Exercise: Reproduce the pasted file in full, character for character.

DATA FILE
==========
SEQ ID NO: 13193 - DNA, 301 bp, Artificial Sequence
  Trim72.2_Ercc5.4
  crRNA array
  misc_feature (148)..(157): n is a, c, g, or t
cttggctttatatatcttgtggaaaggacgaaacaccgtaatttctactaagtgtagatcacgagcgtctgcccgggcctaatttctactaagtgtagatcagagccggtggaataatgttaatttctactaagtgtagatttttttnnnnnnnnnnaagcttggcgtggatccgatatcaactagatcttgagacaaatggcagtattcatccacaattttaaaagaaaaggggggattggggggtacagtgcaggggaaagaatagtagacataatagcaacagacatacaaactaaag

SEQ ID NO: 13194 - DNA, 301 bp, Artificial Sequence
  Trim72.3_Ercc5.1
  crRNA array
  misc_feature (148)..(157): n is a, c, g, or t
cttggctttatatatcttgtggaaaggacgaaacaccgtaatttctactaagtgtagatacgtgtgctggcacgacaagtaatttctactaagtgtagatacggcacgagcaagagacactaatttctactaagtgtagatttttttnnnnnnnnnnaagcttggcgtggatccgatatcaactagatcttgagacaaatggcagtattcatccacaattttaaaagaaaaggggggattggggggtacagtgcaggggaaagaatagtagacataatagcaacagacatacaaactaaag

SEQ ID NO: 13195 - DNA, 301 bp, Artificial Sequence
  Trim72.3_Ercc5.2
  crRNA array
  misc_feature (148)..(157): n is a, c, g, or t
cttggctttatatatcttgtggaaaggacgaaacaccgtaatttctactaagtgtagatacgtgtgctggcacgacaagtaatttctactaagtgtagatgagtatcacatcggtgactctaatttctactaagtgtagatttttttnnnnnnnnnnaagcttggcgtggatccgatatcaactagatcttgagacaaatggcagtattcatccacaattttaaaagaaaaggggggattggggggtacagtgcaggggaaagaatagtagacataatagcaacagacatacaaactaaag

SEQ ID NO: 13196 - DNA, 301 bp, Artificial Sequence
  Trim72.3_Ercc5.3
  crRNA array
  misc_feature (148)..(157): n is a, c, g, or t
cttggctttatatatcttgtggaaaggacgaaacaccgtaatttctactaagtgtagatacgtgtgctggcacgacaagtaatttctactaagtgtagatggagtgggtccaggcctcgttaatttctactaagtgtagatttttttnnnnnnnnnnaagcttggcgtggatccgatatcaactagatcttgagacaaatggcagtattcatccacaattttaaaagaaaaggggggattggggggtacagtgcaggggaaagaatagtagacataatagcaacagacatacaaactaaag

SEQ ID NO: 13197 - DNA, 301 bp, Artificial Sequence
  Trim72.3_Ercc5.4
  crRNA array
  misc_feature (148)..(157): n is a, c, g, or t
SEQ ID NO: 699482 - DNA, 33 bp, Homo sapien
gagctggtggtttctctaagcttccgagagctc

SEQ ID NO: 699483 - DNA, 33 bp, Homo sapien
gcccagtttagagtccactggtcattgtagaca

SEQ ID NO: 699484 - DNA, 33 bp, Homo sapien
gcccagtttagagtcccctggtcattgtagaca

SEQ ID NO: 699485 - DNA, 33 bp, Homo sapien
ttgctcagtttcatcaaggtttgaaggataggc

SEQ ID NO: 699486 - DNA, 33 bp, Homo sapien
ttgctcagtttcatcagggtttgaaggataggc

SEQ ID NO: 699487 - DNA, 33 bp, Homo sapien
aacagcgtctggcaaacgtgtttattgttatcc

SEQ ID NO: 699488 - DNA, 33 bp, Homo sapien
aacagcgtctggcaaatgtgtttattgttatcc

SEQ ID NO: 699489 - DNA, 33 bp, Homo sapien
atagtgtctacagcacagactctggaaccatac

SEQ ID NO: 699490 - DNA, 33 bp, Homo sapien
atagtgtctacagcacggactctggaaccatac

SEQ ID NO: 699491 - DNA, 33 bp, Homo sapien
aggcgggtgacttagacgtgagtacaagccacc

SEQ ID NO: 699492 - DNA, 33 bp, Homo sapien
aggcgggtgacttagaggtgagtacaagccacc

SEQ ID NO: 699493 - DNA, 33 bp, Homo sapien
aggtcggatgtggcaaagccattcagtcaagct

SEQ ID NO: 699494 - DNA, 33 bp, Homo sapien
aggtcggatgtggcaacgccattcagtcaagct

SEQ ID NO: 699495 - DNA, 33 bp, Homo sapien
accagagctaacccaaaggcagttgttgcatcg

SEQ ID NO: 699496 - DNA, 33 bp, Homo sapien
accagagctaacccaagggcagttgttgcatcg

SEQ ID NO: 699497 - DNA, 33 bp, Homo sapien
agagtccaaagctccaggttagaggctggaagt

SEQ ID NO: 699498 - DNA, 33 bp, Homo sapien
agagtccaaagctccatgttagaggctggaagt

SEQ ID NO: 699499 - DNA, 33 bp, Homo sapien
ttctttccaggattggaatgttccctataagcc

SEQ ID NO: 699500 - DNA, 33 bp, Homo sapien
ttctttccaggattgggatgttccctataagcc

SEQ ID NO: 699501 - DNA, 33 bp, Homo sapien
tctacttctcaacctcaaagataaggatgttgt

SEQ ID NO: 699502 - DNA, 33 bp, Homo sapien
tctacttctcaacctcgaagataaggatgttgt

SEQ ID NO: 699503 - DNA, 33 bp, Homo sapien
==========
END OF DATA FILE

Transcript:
SEQ ID NO: 13193 - DNA, 301 bp, Artificial Sequence
  Trim72.2_Ercc5.4
  crRNA array
  misc_feature (148)..(157): n is a, c, g, or t
cttggctttatatatcttgtggaaaggacgaaacaccgtaatttctactaagtgtagatcacgagcgtctgcccgggcctaatttctactaagtgtagatcagagccggtggaataatgttaatttctactaagtgtagatttttttnnnnnnnnnnaagcttggcgtggatccgatatcaactagatcttgagacaaatggcagtattcatccacaattttaaaagaaaaggggggattggggggtacagtgcaggggaaagaatagtagacataatagcaacagacatacaaactaaag

SEQ ID NO: 13194 - DNA, 301 bp, Artificial Sequence
  Trim72.3_Ercc5.1
  crRNA array
  misc_feature (148)..(157): n is a, c, g, or t
cttggctttatatatcttgtggaaaggacgaaacaccgtaatttctactaagtgtagatacgtgtgctggcacgacaagtaatttctactaagtgtagatacggcacgagcaagagacactaatttctactaagtgtagatttttttnnnnnnnnnnaagcttggcgtggatccgatatcaactagatcttgagacaaatggcagtattcatccacaattttaaaagaaaaggggggattggggggtacagtgcaggggaaagaatagtagacataatagcaacagacatacaaactaaag

SEQ ID NO: 13195 - DNA, 301 bp, Artificial Sequence
  Trim72.3_Ercc5.2
  crRNA array
  misc_feature (148)..(157): n is a, c, g, or t
cttggctttatatatcttgtggaaaggacgaaacaccgtaatttctactaagtgtagatacgtgtgctggcacgacaagtaatttctactaagtgtagatgagtatcacatcggtgactctaatttctactaagtgtagatttttttnnnnnnnnnnaagcttggcgtggatccgatatcaactagatcttgagacaaatggcagtattcatccacaattttaaaagaaaaggggggattggggggtacagtgcaggggaaagaatagtagacataatagcaacagacatacaaactaaag

SEQ ID NO: 13196 - DNA, 301 bp, Artificial Sequence
  Trim72.3_Ercc5.3
  crRNA array
  misc_feature (148)..(157): n is a, c, g, or t
cttggctttatatatcttgtggaaaggacgaaacaccgtaatttctactaagtgtagatacgtgtgctggcacgacaagtaatttctactaagtgtagatggagtgggtccaggcctcgttaatttctactaagtgtagatttttttnnnnnnnnnnaagcttggcgtggatccgatatcaactagatcttgagacaaatggcagtattcatccacaattttaaaagaaaaggggggattggggggtacagtgcaggggaaagaatagtagacataatagcaacagacatacaaactaaag

SEQ ID NO: 13197 - DNA, 301 bp, Artificial Sequence
  Trim72.3_Ercc5.4
  crRNA array
  misc_feature (148)..(157): n is a, c, g, or t
SEQ ID NO: 699482 - DNA, 33 bp, Homo sapien
gagctggtggtttctctaagcttccgagagctc

SEQ ID NO: 699483 - DNA, 33 bp, Homo sapien
gcccagtttagagtccactggtcattgtagaca

SEQ ID NO: 699484 - DNA, 33 bp, Homo sapien
gcccagtttagagtcccctggtcattgtagaca

SEQ ID NO: 699485 - DNA, 33 bp, Homo sapien
ttgctcagtttcatcaaggtttgaaggataggc

SEQ ID NO: 699486 - DNA, 33 bp, Homo sapien
ttgctcagtttcatcagggtttgaaggataggc

SEQ ID NO: 699487 - DNA, 33 bp, Homo sapien
aacagcgtctggcaaacgtgtttattgttatcc

SEQ ID NO: 699488 - DNA, 33 bp, Homo sapien
aacagcgtctggcaaatgtgtttattgttatcc

SEQ ID NO: 699489 - DNA, 33 bp, Homo sapien
atagtgtctacagcacagactctggaaccatac

SEQ ID NO: 699490 - DNA, 33 bp, Homo sapien
atagtgtctacagcacggactctggaaccatac

SEQ ID NO: 699491 - DNA, 33 bp, Homo sapien
aggcgggtgacttagacgtgagtacaagccacc

SEQ ID NO: 699492 - DNA, 33 bp, Homo sapien
aggcgggtgacttagaggtgagtacaagccacc

SEQ ID NO: 699493 - DNA, 33 bp, Homo sapien
aggtcggatgtggcaaagccattcagtcaagct

SEQ ID NO: 699494 - DNA, 33 bp, Homo sapien
aggtcggatgtggcaacgccattcagtcaagct

SEQ ID NO: 699495 - DNA, 33 bp, Homo sapien
accagagctaacccaaaggcagttgttgcatcg

SEQ ID NO: 699496 - DNA, 33 bp, Homo sapien
accagagctaacccaagggcagttgttgcatcg

SEQ ID NO: 699497 - DNA, 33 bp, Homo sapien
agagtccaaagctccaggttagaggctggaagt

SEQ ID NO: 699498 - DNA, 33 bp, Homo sapien
agagtccaaagctccatgttagaggctggaagt

SEQ ID NO: 699499 - DNA, 33 bp, Homo sapien
ttctttccaggattggaatgttccctataagcc

SEQ ID NO: 699500 - DNA, 33 bp, Homo sapien
ttctttccaggattgggatgttccctataagcc

SEQ ID NO: 699501 - DNA, 33 bp, Homo sapien
tctacttctcaacctcaaagataaggatgttgt

SEQ ID NO: 699502 - DNA, 33 bp, Homo sapien
tctacttctcaacctcgaagataaggatgttgt

SEQ ID NO: 699503 - DNA, 33 bp, Homo sapien